Between 1931 and 1954, Hannah gave birth to 15 of Billy's calves, 7 of whom were reared or lived at least one year. Between 1943 and 1956, Matilda gave birth to 8 of Billy's calves, 6 of which were reared. At some point during the 1940s, the press started to refer to Billy as William Johnson Hippopotamus. The zoo developed the tradition of naming all his calves Gumdrop, using Roman numerals to distinguish them. By the birth of Gumdrop XVI, the zoo had noticed something curious: of all Billy's calves, only one was male. Research would later confirm that pygmy hippos in captivity are far more likely to give birth to females, though not by such an extreme ratio as Billy. Twenty-three years after Coolidge's death (January 5, 1933) Billy himself died on October 11, 1955, five months before the birth of Gumdrop XVIII. "He carried his work on to the end", said a zoo official. Hannah followed Billy in death on March 6, 1958.
A legacy continued
After a year or two at the National Zoo, Billy's offspring were typically sent to other locations. Among the places to which his progeny were transferred: the Cole Bros. Circus, Philadelphia Zoological Gardens, Catskill Game Farm, the Miller Bros. Circus, the Fort Worth Zoo, as well as international destinations such as Sydney and London. In 1960, after learning that the zoo's female pygmy hippos remained without male companionship after Billy's death, Liberian President William Tubman dispatched a search party to find a new male pygmy hippopotamus to ship to Washington. The pygmy hippopotamus, named Totota, arrived in Brooklyn, New York, on February 4, 1960, and traveled via station wagon to Washington the next day, where he would continue Billy's breeding legacy with the zoo's female pygmy hippos, two of which were Billy's daughters.
- Crandall, Lee S. (1964). Management of Wild Mammals in Captivity. Chicago: University of Chicago Press.
- "Pygmy Hippo fact sheet". nationalzoo.si.edu. National Zoological Park. Archived from the original on 2007-11-14. Retrieved 2007-11-04.
- "Coolidge Pets Could Make Zoo of Their Own". The New York Times. August 28, 1927.
- "Pets of Presidents, From the Dog House to the White House". The Washington Post. April 23, 2001.
- Special to The New York Times (May 27, 1927). "Baby Hippo for Coolidge Is Coming From Liberia". The New York Times. p. 25.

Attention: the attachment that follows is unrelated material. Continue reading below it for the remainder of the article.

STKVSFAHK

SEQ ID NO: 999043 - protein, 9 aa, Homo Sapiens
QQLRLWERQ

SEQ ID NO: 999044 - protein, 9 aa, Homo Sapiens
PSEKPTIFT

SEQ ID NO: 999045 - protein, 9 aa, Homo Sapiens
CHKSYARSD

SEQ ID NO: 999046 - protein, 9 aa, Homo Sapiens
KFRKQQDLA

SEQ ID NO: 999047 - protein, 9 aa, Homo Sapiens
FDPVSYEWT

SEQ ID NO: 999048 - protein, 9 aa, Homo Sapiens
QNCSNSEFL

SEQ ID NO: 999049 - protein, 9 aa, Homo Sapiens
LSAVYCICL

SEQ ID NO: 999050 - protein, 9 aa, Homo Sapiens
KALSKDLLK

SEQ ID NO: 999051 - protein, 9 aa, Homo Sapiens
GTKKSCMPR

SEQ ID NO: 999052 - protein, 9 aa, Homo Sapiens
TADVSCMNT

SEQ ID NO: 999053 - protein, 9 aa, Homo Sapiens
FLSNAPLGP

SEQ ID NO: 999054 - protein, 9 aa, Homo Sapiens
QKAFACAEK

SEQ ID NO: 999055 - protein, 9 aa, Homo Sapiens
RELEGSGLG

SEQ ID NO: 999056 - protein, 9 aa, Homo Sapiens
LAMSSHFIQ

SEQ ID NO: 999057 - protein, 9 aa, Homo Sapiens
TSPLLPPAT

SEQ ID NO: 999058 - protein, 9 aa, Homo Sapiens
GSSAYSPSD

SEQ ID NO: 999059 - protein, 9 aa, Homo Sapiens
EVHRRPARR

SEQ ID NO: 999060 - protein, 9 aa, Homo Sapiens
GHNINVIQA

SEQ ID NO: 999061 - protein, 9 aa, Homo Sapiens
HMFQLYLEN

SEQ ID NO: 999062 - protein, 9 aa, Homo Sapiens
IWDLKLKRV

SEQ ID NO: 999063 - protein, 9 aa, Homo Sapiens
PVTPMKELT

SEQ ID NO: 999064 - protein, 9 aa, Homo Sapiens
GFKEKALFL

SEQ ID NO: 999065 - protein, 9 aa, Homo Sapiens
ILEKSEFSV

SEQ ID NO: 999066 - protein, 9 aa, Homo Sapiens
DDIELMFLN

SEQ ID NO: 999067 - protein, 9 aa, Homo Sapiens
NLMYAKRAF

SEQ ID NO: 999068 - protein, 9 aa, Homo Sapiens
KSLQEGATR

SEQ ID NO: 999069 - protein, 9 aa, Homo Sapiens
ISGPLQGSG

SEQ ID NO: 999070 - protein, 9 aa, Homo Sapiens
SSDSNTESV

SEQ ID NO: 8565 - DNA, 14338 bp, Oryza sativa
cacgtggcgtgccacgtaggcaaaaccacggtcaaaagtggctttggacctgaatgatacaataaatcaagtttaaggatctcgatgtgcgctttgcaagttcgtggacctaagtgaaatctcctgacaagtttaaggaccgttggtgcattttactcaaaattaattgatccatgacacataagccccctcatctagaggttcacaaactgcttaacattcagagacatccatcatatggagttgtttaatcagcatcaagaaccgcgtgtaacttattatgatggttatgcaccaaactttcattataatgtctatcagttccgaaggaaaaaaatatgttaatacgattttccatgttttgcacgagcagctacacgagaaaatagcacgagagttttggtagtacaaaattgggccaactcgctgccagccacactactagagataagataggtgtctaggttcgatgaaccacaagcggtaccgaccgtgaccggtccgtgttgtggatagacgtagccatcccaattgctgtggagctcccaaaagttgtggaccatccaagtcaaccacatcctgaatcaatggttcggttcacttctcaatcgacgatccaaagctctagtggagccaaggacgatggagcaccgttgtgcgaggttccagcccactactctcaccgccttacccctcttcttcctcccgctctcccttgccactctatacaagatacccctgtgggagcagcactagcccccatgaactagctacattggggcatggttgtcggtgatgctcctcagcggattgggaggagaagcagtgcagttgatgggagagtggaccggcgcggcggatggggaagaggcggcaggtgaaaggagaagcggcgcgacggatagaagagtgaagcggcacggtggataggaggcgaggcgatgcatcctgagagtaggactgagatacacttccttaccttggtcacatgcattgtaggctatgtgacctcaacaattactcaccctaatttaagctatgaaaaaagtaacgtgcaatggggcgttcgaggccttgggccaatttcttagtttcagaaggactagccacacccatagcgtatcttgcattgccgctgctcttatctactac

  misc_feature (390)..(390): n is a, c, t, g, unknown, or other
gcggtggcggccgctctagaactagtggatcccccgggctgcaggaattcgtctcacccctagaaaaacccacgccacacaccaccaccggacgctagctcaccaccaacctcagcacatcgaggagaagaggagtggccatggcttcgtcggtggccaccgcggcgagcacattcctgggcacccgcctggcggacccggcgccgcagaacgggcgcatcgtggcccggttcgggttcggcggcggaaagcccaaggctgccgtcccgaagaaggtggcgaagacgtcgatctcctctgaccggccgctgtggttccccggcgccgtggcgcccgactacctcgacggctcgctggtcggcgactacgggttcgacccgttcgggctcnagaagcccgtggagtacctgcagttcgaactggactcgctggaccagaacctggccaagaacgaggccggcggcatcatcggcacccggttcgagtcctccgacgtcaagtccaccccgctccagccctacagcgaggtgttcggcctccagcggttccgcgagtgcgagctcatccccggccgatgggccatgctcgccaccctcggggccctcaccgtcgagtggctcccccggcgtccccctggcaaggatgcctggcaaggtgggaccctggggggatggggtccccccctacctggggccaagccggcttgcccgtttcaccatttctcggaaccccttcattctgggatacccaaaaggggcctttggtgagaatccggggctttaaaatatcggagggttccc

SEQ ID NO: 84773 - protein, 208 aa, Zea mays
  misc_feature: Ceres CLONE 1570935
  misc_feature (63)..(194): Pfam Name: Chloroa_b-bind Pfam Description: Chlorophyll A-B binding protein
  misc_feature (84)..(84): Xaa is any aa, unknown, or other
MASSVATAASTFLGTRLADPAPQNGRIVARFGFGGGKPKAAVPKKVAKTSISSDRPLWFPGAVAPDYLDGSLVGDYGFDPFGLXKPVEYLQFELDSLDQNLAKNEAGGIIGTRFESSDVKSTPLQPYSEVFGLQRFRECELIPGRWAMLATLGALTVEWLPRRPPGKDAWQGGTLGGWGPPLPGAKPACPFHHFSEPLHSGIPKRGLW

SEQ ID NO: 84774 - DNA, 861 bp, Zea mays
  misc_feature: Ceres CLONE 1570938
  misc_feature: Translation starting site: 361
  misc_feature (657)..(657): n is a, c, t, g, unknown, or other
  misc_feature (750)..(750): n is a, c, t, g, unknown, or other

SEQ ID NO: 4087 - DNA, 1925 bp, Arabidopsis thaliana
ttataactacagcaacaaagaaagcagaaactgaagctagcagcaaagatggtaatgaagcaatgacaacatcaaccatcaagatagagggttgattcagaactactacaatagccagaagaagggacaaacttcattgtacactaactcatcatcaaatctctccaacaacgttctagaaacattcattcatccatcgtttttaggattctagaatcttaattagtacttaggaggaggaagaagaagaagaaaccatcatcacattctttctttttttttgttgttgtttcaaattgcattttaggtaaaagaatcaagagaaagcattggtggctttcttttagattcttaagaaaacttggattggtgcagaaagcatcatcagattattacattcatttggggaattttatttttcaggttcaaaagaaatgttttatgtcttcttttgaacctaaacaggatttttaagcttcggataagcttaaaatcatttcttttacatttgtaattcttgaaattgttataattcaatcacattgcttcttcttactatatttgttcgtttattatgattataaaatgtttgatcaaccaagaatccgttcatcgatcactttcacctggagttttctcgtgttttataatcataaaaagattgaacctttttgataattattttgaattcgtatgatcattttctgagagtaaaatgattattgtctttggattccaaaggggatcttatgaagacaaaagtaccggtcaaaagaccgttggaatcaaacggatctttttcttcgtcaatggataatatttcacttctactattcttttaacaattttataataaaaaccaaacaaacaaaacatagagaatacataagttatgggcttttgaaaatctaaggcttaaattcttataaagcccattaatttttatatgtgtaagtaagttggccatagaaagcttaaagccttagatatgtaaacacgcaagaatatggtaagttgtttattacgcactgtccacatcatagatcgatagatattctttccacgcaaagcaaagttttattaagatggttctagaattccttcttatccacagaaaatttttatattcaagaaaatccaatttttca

- Coolidge, Calvin. The Autobiography of Calvin Coolidge (1929), ISBN 1-4102-1622-5 or ISBN 978-1-4102-1622-9
- Gross, Gerald G. "Pity the Poor Stork! He's Late With a Baby Hippo for the Zoo". The Washington Post. p. X1.
- "Ignored by Mother, Infant Hippo Dies". The Washington Post. August 30, 1931. p. M3.
- "Pygmy Hippo Kills Its Third Offspring; Jungle Mother Rolls on Latest Infant and Crushes Out Life". The Washington Post. May 5, 1933. p. 18.
- "Baby-Killing Hippo Gives Birth Again at D.C. Zoo; Belated Baby Born at Zoo on Mother's Day". The Washington Post. May 9, 1938. p. X1.
- "Pygmy Hippo to Become Polygamist, New Mate Captured by Expedition". The Washington Post. July 10, 1940. p. 15.
- Gross, Gerald G. (August 11, 1940). "Dr. Mann Back With Rare Beasts: 300 New Tenants for Zoo Here". The Washington Post. p. 25.
- "Baby Gumdrop Arrives at Zoo". The Washington Post. January 31, 1955. p. 26.
- Zschokke, Samuel (2002). "Distorted Sex Ratio at Birth in the Captive Pygmy Hippopotamus, Hexaprotodon Liberiensis". Journal of Mammalogy. 83 (3): 674–681. ISSN 1545-1542. doi:10.1644/1545-1542(2002)083<0674:DSRABI>2.0.CO;2.
- "Gumdrop XVII Born At Zoo". The Washington Post. March 31, 1956. p. 1.
- "Annual Report on The National Zoological Park". Washington, DC: National Zoological Park. 1959.
- "Pygmy Hippopotamus Starts for Washington". Reuters via The New York Times. June 22, 1960. p. 2.
- "Hippo Takes a Shipboard Stroll, and Misses His Washington Debut". The New York Times. February 5, 1960. p. 29.
- Stroman, H.R., & Slaughter, L.M., "The care and breeding of the pygmy hippopotamus Choeropsis liberiensis in captivity", National Zoological Park, International Zoo Yearbook Vol. 12, 1972